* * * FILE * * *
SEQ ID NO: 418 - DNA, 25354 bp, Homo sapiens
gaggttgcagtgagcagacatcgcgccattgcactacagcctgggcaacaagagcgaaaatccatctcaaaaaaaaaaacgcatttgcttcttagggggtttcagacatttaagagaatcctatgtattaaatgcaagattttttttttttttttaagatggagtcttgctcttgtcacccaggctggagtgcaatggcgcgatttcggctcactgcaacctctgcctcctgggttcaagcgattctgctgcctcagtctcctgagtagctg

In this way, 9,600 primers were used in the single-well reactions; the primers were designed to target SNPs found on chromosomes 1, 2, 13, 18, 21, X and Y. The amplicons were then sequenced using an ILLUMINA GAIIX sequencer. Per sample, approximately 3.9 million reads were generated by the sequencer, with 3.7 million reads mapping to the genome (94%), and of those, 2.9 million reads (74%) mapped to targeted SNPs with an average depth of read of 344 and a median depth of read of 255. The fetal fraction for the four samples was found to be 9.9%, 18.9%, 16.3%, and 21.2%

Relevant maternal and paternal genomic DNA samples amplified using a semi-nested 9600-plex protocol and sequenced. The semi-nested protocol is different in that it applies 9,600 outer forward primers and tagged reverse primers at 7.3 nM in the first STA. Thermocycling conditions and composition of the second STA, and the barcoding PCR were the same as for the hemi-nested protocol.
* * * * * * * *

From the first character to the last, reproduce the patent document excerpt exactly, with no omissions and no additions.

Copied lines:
SEQ ID NO: 418 - DNA, 25354 bp, Homo sapiens
gaggttgcagtgagcagacatcgcgccattgcactacagcctgggcaacaagagcgaaaatccatctcaaaaaaaaaaacgcatttgcttcttagggggtttcagacatttaagagaatcctatgtattaaatgcaagattttttttttttttttaagatggagtcttgctcttgtcacccaggctggagtgcaatggcgcgatttcggctcactgcaacctctgcctcctgggttcaagcgattctgctgcctcagtctcctgagtagctg

In this way, 9,600 primers were used in the single-well reactions; the primers were designed to target SNPs found on chromosomes 1, 2, 13, 18, 21, X and Y. The amplicons were then sequenced using an ILLUMINA GAIIX sequencer. Per sample, approximately 3.9 million reads were generated by the sequencer, with 3.7 million reads mapping to the genome (94%), and of those, 2.9 million reads (74%) mapped to targeted SNPs with an average depth of read of 344 and a median depth of read of 255. The fetal fraction for the four samples was found to be 9.9%, 18.9%, 16.3%, and 21.2%

Relevant maternal and paternal genomic DNA samples amplified using a semi-nested 9600-plex protocol and sequenced. The semi-nested protocol is different in that it applies 9,600 outer forward primers and tagged reverse primers at 7.3 nM in the first STA. Thermocycling conditions and composition of the second STA, and the barcoding PCR were the same as for the hemi-nested protocol.